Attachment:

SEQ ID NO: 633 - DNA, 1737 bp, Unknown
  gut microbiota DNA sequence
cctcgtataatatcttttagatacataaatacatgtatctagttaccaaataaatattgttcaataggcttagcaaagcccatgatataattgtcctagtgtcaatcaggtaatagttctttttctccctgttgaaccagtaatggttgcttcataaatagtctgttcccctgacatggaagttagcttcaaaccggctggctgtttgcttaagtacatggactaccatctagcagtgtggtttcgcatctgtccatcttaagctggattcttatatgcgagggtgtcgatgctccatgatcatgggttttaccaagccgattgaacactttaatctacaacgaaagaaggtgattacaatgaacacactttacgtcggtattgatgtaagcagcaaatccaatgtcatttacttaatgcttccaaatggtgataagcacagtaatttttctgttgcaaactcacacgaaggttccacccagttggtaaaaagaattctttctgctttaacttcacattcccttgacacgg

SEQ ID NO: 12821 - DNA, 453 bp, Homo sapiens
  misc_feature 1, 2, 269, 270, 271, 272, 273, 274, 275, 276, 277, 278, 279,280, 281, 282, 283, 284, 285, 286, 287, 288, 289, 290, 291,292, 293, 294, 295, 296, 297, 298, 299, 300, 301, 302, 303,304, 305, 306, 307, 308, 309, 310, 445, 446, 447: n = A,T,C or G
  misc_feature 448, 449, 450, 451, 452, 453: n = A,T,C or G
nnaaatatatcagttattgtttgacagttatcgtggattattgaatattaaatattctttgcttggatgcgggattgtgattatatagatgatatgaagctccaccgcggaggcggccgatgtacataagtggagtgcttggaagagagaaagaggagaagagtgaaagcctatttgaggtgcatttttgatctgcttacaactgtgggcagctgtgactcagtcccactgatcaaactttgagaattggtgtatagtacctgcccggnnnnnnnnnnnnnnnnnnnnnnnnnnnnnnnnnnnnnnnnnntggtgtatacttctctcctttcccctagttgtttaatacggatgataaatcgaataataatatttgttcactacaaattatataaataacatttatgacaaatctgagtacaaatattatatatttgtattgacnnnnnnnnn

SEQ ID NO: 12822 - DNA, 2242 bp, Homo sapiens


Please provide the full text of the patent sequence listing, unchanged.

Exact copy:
SEQ ID NO: 633 - DNA, 1737 bp, Unknown
  gut microbiota DNA sequence
cctcgtataatatcttttagatacataaatacatgtatctagttaccaaataaatattgttcaataggcttagcaaagcccatgatataattgtcctagtgtcaatcaggtaatagttctttttctccctgttgaaccagtaatggttgcttcataaatagtctgttcccctgacatggaagttagcttcaaaccggctggctgtttgcttaagtacatggactaccatctagcagtgtggtttcgcatctgtccatcttaagctggattcttatatgcgagggtgtcgatgctccatgatcatgggttttaccaagccgattgaacactttaatctacaacgaaagaaggtgattacaatgaacacactttacgtcggtattgatgtaagcagcaaatccaatgtcatttacttaatgcttccaaatggtgataagcacagtaatttttctgttgcaaactcacacgaaggttccacccagttggtaaaaagaattctttctgctttaacttcacattcccttgacacgg

SEQ ID NO: 12821 - DNA, 453 bp, Homo sapiens
  misc_feature 1, 2, 269, 270, 271, 272, 273, 274, 275, 276, 277, 278, 279,280, 281, 282, 283, 284, 285, 286, 287, 288, 289, 290, 291,292, 293, 294, 295, 296, 297, 298, 299, 300, 301, 302, 303,304, 305, 306, 307, 308, 309, 310, 445, 446, 447: n = A,T,C or G
  misc_feature 448, 449, 450, 451, 452, 453: n = A,T,C or G
nnaaatatatcagttattgtttgacagttatcgtggattattgaatattaaatattctttgcttggatgcgggattgtgattatatagatgatatgaagctccaccgcggaggcggccgatgtacataagtggagtgcttggaagagagaaagaggagaagagtgaaagcctatttgaggtgcatttttgatctgcttacaactgtgggcagctgtgactcagtcccactgatcaaactttgagaattggtgtatagtacctgcccggnnnnnnnnnnnnnnnnnnnnnnnnnnnnnnnnnnnnnnnnnntggtgtatacttctctcctttcccctagttgtttaatacggatgataaatcgaataataatatttgttcactacaaattatataaataacatttatgacaaatctgagtacaaatattatatatttgtattgacnnnnnnnnn

SEQ ID NO: 12822 - DNA, 2242 bp, Homo sapiens